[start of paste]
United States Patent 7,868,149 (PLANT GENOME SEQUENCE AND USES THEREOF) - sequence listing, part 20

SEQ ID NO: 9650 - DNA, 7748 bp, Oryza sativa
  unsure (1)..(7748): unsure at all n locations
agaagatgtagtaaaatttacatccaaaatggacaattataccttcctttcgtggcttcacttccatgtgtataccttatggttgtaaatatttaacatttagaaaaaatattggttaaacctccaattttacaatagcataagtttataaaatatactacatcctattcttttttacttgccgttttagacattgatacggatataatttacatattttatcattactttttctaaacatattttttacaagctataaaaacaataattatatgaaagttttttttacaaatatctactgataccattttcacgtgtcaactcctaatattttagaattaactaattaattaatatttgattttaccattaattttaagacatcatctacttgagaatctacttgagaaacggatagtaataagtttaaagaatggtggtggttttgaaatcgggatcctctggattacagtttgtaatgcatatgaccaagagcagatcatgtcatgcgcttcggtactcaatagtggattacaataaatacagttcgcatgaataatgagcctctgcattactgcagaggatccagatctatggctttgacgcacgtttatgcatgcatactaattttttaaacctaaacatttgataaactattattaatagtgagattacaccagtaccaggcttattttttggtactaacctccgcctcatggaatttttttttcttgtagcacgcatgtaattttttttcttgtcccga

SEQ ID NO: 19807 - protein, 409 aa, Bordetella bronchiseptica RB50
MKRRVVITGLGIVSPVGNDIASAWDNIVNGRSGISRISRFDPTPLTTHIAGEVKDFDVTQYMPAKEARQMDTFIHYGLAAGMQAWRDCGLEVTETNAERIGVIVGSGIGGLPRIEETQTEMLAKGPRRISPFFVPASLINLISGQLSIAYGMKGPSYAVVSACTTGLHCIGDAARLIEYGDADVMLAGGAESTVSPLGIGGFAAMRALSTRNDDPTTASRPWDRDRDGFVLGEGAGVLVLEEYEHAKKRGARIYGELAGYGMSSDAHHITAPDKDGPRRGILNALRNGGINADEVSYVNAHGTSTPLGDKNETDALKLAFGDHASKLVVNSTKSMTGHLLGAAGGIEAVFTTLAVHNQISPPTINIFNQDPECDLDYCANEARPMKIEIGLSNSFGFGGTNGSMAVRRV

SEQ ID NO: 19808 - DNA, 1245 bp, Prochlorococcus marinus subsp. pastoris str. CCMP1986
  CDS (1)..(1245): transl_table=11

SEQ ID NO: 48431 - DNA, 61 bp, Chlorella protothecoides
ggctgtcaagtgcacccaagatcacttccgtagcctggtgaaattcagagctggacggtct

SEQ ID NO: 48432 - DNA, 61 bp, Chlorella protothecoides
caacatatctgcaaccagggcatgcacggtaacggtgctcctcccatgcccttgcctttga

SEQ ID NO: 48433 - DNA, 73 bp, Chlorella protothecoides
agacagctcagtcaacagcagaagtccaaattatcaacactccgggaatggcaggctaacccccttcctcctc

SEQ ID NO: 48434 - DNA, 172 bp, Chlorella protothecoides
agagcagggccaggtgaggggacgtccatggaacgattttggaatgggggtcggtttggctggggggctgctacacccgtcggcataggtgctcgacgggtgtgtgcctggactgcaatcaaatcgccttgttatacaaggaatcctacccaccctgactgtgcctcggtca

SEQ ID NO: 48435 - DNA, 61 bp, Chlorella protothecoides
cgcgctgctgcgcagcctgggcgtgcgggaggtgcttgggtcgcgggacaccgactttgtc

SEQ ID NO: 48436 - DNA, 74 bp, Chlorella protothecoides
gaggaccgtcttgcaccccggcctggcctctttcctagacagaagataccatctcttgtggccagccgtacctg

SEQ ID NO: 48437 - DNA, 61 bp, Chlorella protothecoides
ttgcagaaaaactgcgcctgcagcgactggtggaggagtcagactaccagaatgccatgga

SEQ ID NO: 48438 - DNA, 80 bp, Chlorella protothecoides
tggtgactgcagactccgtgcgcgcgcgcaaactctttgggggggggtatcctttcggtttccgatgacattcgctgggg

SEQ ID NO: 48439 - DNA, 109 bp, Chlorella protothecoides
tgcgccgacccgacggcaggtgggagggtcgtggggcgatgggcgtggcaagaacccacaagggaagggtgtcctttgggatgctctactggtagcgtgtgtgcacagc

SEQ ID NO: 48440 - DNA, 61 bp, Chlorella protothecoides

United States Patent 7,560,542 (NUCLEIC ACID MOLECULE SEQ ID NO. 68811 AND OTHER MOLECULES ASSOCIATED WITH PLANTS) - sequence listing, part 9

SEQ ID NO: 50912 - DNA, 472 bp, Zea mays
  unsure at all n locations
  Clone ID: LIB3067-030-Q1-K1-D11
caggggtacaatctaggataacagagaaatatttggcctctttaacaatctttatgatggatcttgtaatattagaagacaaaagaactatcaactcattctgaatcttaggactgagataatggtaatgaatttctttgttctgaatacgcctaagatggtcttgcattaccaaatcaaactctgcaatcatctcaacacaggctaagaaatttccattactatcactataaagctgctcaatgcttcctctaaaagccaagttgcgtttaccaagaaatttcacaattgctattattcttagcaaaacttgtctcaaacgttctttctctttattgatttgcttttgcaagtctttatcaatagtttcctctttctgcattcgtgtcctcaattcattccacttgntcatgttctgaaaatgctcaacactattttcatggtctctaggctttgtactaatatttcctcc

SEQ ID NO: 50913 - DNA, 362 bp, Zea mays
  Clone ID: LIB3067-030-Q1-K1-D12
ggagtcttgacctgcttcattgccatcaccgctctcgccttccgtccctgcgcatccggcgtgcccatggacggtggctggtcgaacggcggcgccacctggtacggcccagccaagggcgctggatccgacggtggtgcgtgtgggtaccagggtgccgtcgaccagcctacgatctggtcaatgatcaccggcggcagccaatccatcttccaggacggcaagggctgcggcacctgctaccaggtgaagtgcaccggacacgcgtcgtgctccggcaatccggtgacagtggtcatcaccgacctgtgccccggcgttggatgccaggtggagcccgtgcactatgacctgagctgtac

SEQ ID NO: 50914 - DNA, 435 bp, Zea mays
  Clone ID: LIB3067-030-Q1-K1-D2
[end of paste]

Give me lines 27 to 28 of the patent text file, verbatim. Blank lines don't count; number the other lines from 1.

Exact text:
SEQ ID NO: 48440 - DNA, 61 bp, Chlorella protothecoides

United States Patent 7,560,542 (NUCLEIC ACID MOLECULE SEQ ID NO. 68811 AND OTHER MOLECULES ASSOCIATED WITH PLANTS) - sequence listing, part 9